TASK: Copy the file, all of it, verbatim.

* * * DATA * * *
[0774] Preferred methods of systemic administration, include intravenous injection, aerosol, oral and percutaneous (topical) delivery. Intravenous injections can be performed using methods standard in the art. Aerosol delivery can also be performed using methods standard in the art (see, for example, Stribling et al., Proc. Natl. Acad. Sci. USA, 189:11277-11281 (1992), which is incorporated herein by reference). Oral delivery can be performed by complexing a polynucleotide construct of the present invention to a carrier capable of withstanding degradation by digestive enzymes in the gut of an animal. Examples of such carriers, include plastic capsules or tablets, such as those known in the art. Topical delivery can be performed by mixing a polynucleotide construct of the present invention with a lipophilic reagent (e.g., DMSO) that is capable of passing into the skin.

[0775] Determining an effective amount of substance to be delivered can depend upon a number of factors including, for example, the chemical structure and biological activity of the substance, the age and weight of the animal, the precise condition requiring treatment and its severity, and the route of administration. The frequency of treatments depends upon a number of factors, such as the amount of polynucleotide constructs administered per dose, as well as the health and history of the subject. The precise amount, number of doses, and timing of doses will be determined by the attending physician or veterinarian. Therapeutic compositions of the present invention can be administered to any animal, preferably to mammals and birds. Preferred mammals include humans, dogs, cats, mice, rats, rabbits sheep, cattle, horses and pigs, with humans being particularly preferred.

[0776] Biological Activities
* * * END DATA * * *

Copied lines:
[0774] Preferred methods of systemic administration, include intravenous injection, aerosol, oral and percutaneous (topical) delivery. Intravenous injections can be performed using methods standard in the art. Aerosol delivery can also be performed using methods standard in the art (see, for example, Stribling et al., Proc. Natl. Acad. Sci. USA, 189:11277-11281 (1992), which is incorporated herein by reference). Oral delivery can be performed by complexing a polynucleotide construct of the present invention to a carrier capable of withstanding degradation by digestive enzymes in the gut of an animal. Examples of such carriers, include plastic capsules or tablets, such as those known in the art. Topical delivery can be performed by mixing a polynucleotide construct of the present invention with a lipophilic reagent (e.g., DMSO) that is capable of passing into the skin.

[0775] Determining an effective amount of substance to be delivered can depend upon a number of factors including, for example, the chemical structure and biological activity of the substance, the age and weight of the animal, the precise condition requiring treatment and its severity, and the route of administration. The frequency of treatments depends upon a number of factors, such as the amount of polynucleotide constructs administered per dose, as well as the health and history of the subject. The precise amount, number of doses, and timing of doses will be determined by the attending physician or veterinarian. Therapeutic compositions of the present invention can be administered to any animal, preferably to mammals and birds. Preferred mammals include humans, dogs, cats, mice, rats, rabbits sheep, cattle, horses and pigs, with humans being particularly preferred.

[0776] Biological Activities